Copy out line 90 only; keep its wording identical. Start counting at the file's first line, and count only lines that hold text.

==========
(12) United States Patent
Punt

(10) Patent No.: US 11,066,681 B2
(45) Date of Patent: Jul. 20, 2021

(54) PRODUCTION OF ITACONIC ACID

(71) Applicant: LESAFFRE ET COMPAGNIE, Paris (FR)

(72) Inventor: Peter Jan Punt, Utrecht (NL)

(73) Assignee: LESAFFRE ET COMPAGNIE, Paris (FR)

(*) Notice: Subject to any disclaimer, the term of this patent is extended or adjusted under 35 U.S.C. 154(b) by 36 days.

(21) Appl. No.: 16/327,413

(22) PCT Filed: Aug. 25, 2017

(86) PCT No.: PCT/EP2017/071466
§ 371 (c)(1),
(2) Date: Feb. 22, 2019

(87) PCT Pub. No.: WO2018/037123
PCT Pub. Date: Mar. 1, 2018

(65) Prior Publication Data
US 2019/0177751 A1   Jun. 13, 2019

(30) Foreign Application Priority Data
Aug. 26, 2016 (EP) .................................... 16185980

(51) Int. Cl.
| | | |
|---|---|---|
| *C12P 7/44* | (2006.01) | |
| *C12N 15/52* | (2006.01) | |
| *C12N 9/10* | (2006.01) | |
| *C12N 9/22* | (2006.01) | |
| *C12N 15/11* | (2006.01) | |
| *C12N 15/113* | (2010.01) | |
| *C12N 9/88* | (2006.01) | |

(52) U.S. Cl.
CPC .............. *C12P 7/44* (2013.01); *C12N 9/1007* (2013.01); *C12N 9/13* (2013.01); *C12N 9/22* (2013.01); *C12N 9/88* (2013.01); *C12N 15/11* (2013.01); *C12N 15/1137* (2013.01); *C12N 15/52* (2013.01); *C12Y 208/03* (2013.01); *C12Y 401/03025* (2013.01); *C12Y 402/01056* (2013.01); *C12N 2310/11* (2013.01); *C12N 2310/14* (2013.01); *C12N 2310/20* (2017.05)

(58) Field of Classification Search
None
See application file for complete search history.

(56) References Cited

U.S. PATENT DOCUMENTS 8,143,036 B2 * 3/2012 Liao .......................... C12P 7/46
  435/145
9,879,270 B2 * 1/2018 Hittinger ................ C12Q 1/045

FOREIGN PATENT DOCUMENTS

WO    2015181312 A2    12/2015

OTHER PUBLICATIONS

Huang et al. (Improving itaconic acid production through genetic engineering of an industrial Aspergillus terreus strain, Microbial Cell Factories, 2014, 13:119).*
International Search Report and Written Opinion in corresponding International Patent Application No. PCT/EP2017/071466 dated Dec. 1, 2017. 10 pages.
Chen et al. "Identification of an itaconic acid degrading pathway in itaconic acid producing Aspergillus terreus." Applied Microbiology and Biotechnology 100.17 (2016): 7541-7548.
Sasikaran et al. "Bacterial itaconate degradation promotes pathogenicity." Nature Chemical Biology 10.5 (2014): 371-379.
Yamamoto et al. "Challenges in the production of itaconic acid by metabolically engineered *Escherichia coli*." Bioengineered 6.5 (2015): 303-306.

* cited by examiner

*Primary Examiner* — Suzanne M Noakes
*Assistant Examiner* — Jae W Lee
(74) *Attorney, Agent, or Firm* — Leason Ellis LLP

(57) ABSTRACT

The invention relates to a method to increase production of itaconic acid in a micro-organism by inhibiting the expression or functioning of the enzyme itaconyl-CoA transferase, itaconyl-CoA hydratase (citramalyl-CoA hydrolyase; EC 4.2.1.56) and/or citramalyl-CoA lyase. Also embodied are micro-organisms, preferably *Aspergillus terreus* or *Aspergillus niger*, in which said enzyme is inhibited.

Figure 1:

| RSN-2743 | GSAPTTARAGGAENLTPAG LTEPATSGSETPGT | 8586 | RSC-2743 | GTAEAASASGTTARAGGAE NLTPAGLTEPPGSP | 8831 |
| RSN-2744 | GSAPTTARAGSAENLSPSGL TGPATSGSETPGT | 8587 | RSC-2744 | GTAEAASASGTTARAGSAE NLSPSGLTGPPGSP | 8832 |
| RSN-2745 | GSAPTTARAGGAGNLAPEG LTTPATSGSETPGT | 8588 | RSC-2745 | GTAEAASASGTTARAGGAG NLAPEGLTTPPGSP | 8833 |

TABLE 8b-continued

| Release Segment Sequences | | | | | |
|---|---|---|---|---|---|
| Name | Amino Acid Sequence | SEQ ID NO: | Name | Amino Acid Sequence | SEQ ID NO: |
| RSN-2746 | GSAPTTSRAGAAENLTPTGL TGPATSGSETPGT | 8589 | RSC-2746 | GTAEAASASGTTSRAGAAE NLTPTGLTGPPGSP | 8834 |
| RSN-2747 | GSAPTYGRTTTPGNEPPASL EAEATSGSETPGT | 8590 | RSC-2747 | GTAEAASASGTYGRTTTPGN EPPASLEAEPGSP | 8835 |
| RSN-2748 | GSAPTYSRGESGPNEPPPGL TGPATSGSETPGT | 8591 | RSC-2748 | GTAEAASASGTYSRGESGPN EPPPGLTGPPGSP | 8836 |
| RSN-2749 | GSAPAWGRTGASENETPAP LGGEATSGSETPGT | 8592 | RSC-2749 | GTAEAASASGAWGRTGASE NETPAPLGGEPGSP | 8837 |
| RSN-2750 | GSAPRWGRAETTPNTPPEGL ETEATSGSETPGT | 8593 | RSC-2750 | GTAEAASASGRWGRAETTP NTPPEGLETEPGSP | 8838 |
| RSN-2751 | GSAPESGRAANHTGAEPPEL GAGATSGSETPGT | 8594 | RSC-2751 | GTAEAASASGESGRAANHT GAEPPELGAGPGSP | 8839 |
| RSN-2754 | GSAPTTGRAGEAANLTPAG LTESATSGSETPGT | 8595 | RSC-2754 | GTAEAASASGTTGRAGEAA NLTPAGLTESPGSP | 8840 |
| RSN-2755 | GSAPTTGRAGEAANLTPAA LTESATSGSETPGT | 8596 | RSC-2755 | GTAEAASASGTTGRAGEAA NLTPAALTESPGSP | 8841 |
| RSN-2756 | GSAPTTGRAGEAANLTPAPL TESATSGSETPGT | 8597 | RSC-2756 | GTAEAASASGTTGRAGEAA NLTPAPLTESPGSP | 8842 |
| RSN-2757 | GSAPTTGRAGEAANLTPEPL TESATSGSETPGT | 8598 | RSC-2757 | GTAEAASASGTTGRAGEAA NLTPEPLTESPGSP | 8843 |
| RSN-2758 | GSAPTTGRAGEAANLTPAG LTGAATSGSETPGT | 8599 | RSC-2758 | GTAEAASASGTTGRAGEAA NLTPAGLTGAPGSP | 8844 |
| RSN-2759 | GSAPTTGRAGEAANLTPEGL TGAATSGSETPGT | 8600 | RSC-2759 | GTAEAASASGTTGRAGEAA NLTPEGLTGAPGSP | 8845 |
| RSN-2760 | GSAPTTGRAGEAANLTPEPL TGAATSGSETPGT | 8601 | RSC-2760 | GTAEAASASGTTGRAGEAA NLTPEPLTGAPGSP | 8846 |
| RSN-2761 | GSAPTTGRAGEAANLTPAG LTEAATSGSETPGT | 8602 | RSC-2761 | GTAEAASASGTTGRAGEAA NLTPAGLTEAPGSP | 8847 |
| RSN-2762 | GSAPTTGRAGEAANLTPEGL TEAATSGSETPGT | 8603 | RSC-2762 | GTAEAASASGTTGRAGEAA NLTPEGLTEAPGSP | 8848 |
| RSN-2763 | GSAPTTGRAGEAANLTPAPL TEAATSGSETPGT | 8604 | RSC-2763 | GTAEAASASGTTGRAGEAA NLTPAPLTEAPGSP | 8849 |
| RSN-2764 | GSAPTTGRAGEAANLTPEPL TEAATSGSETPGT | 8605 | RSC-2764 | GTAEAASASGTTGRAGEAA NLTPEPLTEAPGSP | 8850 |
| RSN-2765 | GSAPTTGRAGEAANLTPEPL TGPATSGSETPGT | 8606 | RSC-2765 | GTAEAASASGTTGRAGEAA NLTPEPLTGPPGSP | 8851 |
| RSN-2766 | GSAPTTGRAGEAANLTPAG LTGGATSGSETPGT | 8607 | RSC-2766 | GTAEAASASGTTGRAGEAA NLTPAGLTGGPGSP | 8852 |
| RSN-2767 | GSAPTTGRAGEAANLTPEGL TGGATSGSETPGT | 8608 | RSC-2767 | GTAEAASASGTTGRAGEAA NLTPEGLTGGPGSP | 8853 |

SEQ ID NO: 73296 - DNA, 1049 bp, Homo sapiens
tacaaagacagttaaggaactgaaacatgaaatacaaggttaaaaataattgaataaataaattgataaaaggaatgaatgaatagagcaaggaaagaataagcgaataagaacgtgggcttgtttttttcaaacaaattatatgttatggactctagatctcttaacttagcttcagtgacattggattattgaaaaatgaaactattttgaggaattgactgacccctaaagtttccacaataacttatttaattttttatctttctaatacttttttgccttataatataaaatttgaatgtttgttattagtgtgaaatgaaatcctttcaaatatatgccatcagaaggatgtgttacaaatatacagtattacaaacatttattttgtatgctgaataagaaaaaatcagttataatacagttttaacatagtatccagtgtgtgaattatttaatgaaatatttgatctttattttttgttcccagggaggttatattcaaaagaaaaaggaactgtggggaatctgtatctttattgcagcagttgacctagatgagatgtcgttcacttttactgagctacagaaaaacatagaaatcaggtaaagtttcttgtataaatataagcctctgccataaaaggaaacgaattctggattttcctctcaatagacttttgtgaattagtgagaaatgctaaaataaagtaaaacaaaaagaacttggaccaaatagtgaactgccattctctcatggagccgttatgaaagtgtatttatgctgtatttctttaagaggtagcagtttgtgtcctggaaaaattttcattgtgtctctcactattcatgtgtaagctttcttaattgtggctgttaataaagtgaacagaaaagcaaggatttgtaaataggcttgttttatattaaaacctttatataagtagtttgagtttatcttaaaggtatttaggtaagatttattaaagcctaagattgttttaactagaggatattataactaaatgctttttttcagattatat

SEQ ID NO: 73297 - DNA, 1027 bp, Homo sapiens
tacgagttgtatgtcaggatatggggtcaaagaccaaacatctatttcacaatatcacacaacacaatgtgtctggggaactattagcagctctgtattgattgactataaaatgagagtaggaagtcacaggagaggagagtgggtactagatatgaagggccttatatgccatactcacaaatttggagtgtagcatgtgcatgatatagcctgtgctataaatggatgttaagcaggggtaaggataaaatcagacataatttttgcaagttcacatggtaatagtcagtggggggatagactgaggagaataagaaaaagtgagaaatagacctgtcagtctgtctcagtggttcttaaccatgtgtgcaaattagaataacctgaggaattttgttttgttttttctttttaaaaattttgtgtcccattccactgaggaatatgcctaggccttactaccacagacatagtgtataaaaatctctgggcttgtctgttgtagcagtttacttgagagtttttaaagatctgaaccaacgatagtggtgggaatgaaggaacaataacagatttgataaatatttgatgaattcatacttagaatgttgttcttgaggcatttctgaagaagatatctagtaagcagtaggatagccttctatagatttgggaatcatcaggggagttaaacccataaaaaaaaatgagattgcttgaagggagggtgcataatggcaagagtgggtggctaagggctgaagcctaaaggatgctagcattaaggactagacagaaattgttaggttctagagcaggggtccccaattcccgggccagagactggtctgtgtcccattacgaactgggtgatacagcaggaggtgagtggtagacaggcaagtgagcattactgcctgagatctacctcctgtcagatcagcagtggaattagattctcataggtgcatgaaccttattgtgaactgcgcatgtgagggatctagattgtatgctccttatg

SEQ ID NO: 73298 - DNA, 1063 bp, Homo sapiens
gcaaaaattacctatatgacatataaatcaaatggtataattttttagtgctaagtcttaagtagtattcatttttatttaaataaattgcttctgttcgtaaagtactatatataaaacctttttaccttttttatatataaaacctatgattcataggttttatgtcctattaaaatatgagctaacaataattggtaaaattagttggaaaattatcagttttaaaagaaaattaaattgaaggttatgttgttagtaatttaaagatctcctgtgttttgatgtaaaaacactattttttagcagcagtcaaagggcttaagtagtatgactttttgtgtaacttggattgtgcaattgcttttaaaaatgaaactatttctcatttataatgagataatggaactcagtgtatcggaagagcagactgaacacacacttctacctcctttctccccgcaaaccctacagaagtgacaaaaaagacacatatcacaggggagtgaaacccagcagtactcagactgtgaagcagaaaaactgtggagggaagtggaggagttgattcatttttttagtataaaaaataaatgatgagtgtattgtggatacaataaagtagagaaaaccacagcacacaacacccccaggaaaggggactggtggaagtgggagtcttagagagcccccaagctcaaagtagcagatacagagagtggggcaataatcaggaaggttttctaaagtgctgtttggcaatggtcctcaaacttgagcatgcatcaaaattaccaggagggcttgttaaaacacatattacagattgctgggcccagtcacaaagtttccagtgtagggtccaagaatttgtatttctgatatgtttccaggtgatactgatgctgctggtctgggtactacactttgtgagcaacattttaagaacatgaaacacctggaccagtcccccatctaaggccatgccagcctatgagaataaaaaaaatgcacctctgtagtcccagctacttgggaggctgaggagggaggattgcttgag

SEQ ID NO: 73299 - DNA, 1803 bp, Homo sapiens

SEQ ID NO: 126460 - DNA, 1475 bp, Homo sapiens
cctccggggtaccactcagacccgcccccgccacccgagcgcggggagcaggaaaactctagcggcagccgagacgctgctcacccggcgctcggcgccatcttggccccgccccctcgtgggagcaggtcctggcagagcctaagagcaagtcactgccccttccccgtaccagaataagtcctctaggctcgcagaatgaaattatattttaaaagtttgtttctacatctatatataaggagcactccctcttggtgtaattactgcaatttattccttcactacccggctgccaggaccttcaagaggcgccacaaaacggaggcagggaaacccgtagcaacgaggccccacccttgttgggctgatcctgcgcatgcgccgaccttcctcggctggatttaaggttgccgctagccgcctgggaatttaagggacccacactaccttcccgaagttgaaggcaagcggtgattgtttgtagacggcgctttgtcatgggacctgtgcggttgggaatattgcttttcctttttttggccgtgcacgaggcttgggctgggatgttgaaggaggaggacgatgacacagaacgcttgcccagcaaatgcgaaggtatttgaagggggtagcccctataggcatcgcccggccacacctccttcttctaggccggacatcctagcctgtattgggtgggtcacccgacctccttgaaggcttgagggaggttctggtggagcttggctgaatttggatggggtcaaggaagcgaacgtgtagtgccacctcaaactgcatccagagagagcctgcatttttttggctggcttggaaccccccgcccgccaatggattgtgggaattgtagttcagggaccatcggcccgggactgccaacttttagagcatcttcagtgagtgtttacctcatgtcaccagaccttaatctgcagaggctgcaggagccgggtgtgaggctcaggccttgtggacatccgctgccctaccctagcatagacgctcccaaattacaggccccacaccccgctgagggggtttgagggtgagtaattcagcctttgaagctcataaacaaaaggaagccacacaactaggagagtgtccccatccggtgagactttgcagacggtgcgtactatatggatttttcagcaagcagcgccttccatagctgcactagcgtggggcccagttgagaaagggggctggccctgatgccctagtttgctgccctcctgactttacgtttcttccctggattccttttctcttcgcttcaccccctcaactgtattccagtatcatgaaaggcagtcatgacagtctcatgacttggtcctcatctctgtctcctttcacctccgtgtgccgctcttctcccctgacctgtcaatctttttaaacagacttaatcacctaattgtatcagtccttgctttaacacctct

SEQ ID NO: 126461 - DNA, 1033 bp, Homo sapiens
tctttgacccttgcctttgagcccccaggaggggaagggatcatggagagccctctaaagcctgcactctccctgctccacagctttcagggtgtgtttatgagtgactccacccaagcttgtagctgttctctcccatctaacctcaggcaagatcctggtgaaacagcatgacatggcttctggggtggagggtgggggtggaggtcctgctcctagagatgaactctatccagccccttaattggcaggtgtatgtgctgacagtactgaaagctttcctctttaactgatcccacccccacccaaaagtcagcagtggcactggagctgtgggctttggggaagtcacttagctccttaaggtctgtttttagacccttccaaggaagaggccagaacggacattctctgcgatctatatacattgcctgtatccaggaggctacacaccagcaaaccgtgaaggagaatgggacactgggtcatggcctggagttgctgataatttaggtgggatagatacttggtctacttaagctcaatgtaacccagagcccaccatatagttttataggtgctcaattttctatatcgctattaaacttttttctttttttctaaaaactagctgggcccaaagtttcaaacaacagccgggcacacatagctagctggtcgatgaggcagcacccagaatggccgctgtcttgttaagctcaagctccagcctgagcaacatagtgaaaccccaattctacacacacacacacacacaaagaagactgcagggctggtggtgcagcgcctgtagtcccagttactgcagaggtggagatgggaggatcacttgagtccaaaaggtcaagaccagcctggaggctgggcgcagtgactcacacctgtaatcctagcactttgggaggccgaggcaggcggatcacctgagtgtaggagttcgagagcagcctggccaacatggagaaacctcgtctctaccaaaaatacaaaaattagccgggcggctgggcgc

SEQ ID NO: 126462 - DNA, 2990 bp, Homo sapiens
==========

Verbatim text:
cctccggggtaccactcagacccgcccccgccacccgagcgcggggagcaggaaaactctagcggcagccgagacgctgctcacccggcgctcggcgccatcttggccccgccccctcgtgggagcaggtcctggcagagcctaagagcaagtcactgccccttccccgtaccagaataagtcctctaggctcgcagaatgaaattatattttaaaagtttgtttctacatctatatataaggagcactccctcttggtgtaattactgcaatttattccttcactacccggctgccaggaccttcaagaggcgccacaaaacggaggcagggaaacccgtagcaacgaggccccacccttgttgggctgatcctgcgcatgcgccgaccttcctcggctggatttaaggttgccgctagccgcctgggaatttaagggacccacactaccttcccgaagttgaaggcaagcggtgattgtttgtagacggcgctttgtcatgggacctgtgcggttgggaatattgcttttcctttttttggccgtgcacgaggcttgggctgggatgttgaaggaggaggacgatgacacagaacgcttgcccagcaaatgcgaaggtatttgaagggggtagcccctataggcatcgcccggccacacctccttcttctaggccggacatcctagcctgtattgggtgggtcacccgacctccttgaaggcttgagggaggttctggtggagcttggctgaatttggatggggtcaaggaagcgaacgtgtagtgccacctcaaactgcatccagagagagcctgcatttttttggctggcttggaaccccccgcccgccaatggattgtgggaattgtagttcagggaccatcggcccgggactgccaacttttagagcatcttcagtgagtgtttacctcatgtcaccagaccttaatctgcagaggctgcaggagccgggtgtgaggctcaggccttgtggacatccgctgccctaccctagcatagacgctcccaaattacaggccccacaccccgctgagggggtttgagggtgagtaattcagcctttgaagctcataaacaaaaggaagccacacaactaggagagtgtccccatccggtgagactttgcagacggtgcgtactatatggatttttcagcaagcagcgccttccatagctgcactagcgtggggcccagttgagaaagggggctggccctgatgccctagtttgctgccctcctgactttacgtttcttccctggattccttttctcttcgcttcaccccctcaactgtattccagtatcatgaaaggcagtcatgacagtctcatgacttggtcctcatctctgtctcctttcacctccgtgtgccgctcttctcccctgacctgtcaatctttttaaacagacttaatcacctaattgtatcagtccttgctttaacacctct